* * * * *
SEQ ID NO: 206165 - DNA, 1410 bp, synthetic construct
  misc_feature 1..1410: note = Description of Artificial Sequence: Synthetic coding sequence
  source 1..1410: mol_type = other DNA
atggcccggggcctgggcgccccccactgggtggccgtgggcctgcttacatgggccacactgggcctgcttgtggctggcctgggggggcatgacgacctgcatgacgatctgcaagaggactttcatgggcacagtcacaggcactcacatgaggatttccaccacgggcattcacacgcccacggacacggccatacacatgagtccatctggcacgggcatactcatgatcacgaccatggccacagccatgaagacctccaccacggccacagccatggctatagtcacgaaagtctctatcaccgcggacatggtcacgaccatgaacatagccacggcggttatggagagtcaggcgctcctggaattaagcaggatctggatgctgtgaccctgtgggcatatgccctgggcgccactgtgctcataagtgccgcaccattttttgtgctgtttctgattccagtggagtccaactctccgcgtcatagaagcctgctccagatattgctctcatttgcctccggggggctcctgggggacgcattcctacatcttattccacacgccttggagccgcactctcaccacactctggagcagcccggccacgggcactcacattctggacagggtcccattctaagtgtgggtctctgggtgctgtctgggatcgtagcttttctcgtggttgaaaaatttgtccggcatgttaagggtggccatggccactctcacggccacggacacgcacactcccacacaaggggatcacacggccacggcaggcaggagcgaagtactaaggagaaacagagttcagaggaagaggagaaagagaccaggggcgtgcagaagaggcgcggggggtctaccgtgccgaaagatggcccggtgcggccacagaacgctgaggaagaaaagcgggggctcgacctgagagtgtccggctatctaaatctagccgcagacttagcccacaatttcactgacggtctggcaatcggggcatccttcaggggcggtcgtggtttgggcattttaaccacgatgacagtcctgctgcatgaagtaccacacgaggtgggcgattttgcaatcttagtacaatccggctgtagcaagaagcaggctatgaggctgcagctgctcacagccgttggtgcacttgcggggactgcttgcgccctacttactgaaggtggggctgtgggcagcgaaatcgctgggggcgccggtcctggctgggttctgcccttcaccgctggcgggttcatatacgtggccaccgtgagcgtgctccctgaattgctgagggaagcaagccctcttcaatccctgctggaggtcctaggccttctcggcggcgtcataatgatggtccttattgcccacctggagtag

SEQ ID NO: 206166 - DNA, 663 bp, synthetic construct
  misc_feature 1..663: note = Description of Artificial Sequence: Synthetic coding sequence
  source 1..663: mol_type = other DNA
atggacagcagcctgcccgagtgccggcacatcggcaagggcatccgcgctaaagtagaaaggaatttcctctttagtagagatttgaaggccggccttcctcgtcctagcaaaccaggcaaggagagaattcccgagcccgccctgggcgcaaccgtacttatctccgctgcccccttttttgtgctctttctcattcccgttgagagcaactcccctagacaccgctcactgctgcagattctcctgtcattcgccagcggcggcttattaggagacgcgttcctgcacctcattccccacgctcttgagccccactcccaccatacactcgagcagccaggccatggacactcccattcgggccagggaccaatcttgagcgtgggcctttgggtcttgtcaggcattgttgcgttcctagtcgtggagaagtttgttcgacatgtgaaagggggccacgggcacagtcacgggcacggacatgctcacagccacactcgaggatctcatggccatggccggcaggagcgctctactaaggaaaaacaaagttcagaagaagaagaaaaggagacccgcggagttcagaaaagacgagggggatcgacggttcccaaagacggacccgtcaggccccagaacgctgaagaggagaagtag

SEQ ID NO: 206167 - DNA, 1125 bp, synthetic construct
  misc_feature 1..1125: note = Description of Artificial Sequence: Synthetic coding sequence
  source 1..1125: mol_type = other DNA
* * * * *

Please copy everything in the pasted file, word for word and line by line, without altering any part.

SEQ ID NO: 206165 - DNA, 1410 bp, synthetic construct
  misc_feature 1..1410: note = Description of Artificial Sequence: Synthetic coding sequence
  source 1..1410: mol_type = other DNA
atggcccggggcctgggcgccccccactgggtggccgtgggcctgcttacatgggccacactgggcctgcttgtggctggcctgggggggcatgacgacctgcatgacgatctgcaagaggactttcatgggcacagtcacaggcactcacatgaggatttccaccacgggcattcacacgcccacggacacggccatacacatgagtccatctggcacgggcatactcatgatcacgaccatggccacagccatgaagacctccaccacggccacagccatggctatagtcacgaaagtctctatcaccgcggacatggtcacgaccatgaacatagccacggcggttatggagagtcaggcgctcctggaattaagcaggatctggatgctgtgaccctgtgggcatatgccctgggcgccactgtgctcataagtgccgcaccattttttgtgctgtttctgattccagtggagtccaactctccgcgtcatagaagcctgctccagatattgctctcatttgcctccggggggctcctgggggacgcattcctacatcttattccacacgccttggagccgcactctcaccacactctggagcagcccggccacgggcactcacattctggacagggtcccattctaagtgtgggtctctgggtgctgtctgggatcgtagcttttctcgtggttgaaaaatttgtccggcatgttaagggtggccatggccactctcacggccacggacacgcacactcccacacaaggggatcacacggccacggcaggcaggagcgaagtactaaggagaaacagagttcagaggaagaggagaaagagaccaggggcgtgcagaagaggcgcggggggtctaccgtgccgaaagatggcccggtgcggccacagaacgctgaggaagaaaagcgggggctcgacctgagagtgtccggctatctaaatctagccgcagacttagcccacaatttcactgacggtctggcaatcggggcatccttcaggggcggtcgtggtttgggcattttaaccacgatgacagtcctgctgcatgaagtaccacacgaggtgggcgattttgcaatcttagtacaatccggctgtagcaagaagcaggctatgaggctgcagctgctcacagccgttggtgcacttgcggggactgcttgcgccctacttactgaaggtggggctgtgggcagcgaaatcgctgggggcgccggtcctggctgggttctgcccttcaccgctggcgggttcatatacgtggccaccgtgagcgtgctccctgaattgctgagggaagcaagccctcttcaatccctgctggaggtcctaggccttctcggcggcgtcataatgatggtccttattgcccacctggagtag

SEQ ID NO: 206166 - DNA, 663 bp, synthetic construct
  misc_feature 1..663: note = Description of Artificial Sequence: Synthetic coding sequence
  source 1..663: mol_type = other DNA
atggacagcagcctgcccgagtgccggcacatcggcaagggcatccgcgctaaagtagaaaggaatttcctctttagtagagatttgaaggccggccttcctcgtcctagcaaaccaggcaaggagagaattcccgagcccgccctgggcgcaaccgtacttatctccgctgcccccttttttgtgctctttctcattcccgttgagagcaactcccctagacaccgctcactgctgcagattctcctgtcattcgccagcggcggcttattaggagacgcgttcctgcacctcattccccacgctcttgagccccactcccaccatacactcgagcagccaggccatggacactcccattcgggccagggaccaatcttgagcgtgggcctttgggtcttgtcaggcattgttgcgttcctagtcgtggagaagtttgttcgacatgtgaaagggggccacgggcacagtcacgggcacggacatgctcacagccacactcgaggatctcatggccatggccggcaggagcgctctactaaggaaaaacaaagttcagaagaagaagaaaaggagacccgcggagttcagaaaagacgagggggatcgacggttcccaaagacggacccgtcaggccccagaacgctgaagaggagaagtag

SEQ ID NO: 206167 - DNA, 1125 bp, synthetic construct
  misc_feature 1..1125: note = Description of Artificial Sequence: Synthetic coding sequence
  source 1..1125: mol_type = other DNA